The Nihon Review - Anime Reviews & Editorials

Tide-Line Blue

Title: Tide-Line Blue
Genre: Action/Drama
Company: Bandai Visual/TV Asahi
Format: 13 episodes
Dates: 7 Jul 2005 – 29 Aug 2005

Synopsis: A global calamity known as the “Hammer of Eden” has left humanity devastated and disorganized. With over six billion dead and 90% of former land covered in water, the world is forced to undergo a massive reconstruction. Fourteen year later, the New United Nations is attempting to organize the survivors and pursue peace for the safety of all mankind. Despite being so thoroughly ravaged, the various pockets of civilization are unwilling to shed their former sense of nationalism leading to policy gridlocks in the New UN. A former military officer, Gould, plans to force humanity into cooperation by using his war submarine, the Ulysses, and its nuclear arsenal.

The Highlights
Solid, save the poor use of CGI.
Characters: Energetic, dynamic and quirky.
Comedy: Obtrusive.
Ending: Elusive.

Very few anime can make political statements while remaining independent of clichés. Tide-line Blue is a uniquely fun-filled adventure that brings up many down-to-earth moral issues. Instead of opting to draw lines between right and wrong, the show juxtaposes two seemingly just sides that both fight for their idealism. Despite all the politics that is thrown around, the quirky characters and the original story serve as the real crux of the anime; the moral insights are merely bonuses in this neat package.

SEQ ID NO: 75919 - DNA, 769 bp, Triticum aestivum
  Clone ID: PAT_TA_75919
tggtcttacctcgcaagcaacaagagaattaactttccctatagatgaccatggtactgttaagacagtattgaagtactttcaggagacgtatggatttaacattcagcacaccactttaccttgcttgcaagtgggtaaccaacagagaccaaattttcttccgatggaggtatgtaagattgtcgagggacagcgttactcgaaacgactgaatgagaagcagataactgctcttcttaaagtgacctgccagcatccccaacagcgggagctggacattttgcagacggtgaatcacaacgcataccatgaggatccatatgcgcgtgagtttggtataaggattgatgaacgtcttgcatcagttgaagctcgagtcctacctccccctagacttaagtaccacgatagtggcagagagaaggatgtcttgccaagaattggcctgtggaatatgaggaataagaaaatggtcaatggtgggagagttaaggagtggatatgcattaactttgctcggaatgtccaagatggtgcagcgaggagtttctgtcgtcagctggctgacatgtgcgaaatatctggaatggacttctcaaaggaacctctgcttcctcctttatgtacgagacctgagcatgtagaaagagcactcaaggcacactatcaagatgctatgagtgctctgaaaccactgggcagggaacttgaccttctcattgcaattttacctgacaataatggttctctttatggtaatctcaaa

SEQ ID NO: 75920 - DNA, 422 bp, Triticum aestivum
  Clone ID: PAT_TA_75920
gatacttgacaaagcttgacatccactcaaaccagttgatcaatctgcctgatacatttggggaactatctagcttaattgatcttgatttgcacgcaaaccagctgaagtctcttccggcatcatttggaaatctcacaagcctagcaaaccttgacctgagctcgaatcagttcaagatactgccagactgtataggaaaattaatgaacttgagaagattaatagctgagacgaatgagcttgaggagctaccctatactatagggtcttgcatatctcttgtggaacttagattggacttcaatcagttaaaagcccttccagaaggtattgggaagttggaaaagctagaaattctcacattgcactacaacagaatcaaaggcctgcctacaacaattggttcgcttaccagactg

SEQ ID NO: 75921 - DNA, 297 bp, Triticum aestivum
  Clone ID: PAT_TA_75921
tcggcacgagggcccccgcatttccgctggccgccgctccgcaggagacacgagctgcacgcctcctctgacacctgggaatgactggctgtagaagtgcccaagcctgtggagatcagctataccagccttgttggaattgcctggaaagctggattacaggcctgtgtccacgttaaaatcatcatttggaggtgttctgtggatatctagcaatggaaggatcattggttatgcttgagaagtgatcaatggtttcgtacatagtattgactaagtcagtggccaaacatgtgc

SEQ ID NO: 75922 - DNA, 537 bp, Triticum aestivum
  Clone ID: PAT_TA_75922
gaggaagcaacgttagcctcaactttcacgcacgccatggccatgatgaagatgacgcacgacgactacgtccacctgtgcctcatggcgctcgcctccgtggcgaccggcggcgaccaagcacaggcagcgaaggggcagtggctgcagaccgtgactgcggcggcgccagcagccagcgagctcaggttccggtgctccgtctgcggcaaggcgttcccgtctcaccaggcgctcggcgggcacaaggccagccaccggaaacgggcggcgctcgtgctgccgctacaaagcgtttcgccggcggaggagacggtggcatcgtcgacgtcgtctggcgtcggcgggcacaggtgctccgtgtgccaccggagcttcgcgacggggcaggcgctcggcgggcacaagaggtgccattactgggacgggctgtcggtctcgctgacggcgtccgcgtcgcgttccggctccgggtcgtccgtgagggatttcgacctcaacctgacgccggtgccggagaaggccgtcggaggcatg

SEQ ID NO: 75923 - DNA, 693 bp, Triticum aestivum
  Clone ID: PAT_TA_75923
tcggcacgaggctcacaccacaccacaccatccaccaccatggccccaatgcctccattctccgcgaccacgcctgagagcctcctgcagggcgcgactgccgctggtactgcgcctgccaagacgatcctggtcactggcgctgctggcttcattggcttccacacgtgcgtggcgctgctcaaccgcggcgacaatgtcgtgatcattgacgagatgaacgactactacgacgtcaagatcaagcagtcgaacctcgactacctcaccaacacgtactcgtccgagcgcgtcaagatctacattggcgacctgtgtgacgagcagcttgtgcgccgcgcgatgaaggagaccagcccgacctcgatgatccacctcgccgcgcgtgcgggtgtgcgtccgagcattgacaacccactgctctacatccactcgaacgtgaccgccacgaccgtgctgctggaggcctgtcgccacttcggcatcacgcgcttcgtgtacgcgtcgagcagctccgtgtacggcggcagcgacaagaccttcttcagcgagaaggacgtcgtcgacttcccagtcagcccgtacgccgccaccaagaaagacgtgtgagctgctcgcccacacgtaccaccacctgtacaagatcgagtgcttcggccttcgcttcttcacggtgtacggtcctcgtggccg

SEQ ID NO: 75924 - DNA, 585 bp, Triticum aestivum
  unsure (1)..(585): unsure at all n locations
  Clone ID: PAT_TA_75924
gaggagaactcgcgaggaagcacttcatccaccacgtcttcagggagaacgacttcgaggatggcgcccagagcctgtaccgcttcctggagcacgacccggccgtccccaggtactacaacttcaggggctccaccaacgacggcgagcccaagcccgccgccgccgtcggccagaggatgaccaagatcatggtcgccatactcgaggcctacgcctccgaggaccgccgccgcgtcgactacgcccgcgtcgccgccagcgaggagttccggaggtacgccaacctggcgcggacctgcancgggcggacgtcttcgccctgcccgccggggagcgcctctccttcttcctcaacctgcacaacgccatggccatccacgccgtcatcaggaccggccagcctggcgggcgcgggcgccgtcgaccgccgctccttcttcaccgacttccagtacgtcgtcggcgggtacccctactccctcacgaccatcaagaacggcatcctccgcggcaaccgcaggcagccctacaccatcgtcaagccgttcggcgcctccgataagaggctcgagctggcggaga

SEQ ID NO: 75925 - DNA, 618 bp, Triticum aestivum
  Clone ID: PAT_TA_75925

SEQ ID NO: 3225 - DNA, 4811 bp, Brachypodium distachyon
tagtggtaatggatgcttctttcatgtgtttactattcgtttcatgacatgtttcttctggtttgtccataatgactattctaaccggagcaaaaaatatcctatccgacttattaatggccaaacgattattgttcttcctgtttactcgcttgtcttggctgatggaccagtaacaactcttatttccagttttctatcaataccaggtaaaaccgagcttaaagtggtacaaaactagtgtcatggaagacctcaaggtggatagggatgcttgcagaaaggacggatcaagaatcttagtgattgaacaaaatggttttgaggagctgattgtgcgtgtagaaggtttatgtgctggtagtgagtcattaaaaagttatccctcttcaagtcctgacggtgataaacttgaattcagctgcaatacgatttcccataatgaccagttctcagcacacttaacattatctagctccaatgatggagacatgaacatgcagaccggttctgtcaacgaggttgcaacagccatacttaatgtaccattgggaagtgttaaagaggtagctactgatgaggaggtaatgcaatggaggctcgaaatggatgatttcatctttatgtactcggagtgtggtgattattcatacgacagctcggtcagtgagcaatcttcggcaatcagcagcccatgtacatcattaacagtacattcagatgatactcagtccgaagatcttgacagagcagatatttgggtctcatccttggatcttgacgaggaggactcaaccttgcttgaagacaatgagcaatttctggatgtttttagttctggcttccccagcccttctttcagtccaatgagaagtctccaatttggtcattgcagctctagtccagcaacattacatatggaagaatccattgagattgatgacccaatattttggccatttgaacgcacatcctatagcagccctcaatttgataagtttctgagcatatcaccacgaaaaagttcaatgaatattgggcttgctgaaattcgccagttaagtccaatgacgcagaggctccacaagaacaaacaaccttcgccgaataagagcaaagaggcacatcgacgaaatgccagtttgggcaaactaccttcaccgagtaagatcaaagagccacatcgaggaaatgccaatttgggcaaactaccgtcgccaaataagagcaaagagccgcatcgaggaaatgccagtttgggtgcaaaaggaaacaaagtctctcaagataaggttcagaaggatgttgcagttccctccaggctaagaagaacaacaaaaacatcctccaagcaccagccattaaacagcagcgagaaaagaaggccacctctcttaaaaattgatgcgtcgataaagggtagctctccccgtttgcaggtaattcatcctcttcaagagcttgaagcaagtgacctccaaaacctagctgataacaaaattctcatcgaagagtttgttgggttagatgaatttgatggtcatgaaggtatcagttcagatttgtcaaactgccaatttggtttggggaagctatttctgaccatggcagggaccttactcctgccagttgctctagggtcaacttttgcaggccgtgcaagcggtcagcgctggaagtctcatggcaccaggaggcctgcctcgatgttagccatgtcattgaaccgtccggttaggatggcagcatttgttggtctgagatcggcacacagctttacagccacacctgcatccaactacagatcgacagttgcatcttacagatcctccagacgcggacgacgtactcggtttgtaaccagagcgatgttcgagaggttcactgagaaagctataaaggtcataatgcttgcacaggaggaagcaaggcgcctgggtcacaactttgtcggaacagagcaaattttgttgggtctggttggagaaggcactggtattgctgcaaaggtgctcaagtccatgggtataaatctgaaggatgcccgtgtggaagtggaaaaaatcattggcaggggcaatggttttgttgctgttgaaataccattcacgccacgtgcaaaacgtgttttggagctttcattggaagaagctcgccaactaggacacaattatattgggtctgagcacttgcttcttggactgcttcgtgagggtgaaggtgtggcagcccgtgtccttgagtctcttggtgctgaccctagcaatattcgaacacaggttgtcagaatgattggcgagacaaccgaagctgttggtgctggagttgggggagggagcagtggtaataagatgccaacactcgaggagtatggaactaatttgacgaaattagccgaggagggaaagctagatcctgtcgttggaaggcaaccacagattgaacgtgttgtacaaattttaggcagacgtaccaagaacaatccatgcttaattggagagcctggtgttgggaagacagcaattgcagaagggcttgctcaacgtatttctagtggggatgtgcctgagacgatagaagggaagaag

The reason that Tide Line Blue has not fallen into the trap of many other moral based anime is its strong cast. Instead of using the characters to preach to the audience, the various ideologies are intricately intertwined into the plot. The cast goes through a wide spectrum of emotion as they act childish one minute and threaten genocide the next. While the comedic interjections prevent the show from getting too serious, they often appear at the wrong times, unintentionally deflating gripping conflicts.

Aesthetically, the anime has a clash between the conventional computer generated cels and the three dimensional graphics. While the show has very nice animation, the CGI often feels obtrusive and out of place. Thankfully, the music and seiyuu compensate for the failed computer imagery. Save the submarine fights, the series is generally easy on the eyes and ears.

The overall quality of Tide Line Blue varies from episode to episode. Some parts are insightful and thought-provoking, but others edge mediocrity. While the show brings many problems full-circle, the end is painfully abrupt. The audience is left waiting for the elusive episode 14 which does not exist and probably will never exist.

Ultimately, this series is a good anime with a quirky cast of characters but suffers from corrosion by obtrusive comedy and irresolution. Not much may get done, but the ride is more than worth the price of admission. So the next time you have a few spare hours, take a look at Tide Line Blue.

The Rating: 6

Reviewed by: Shadowmage

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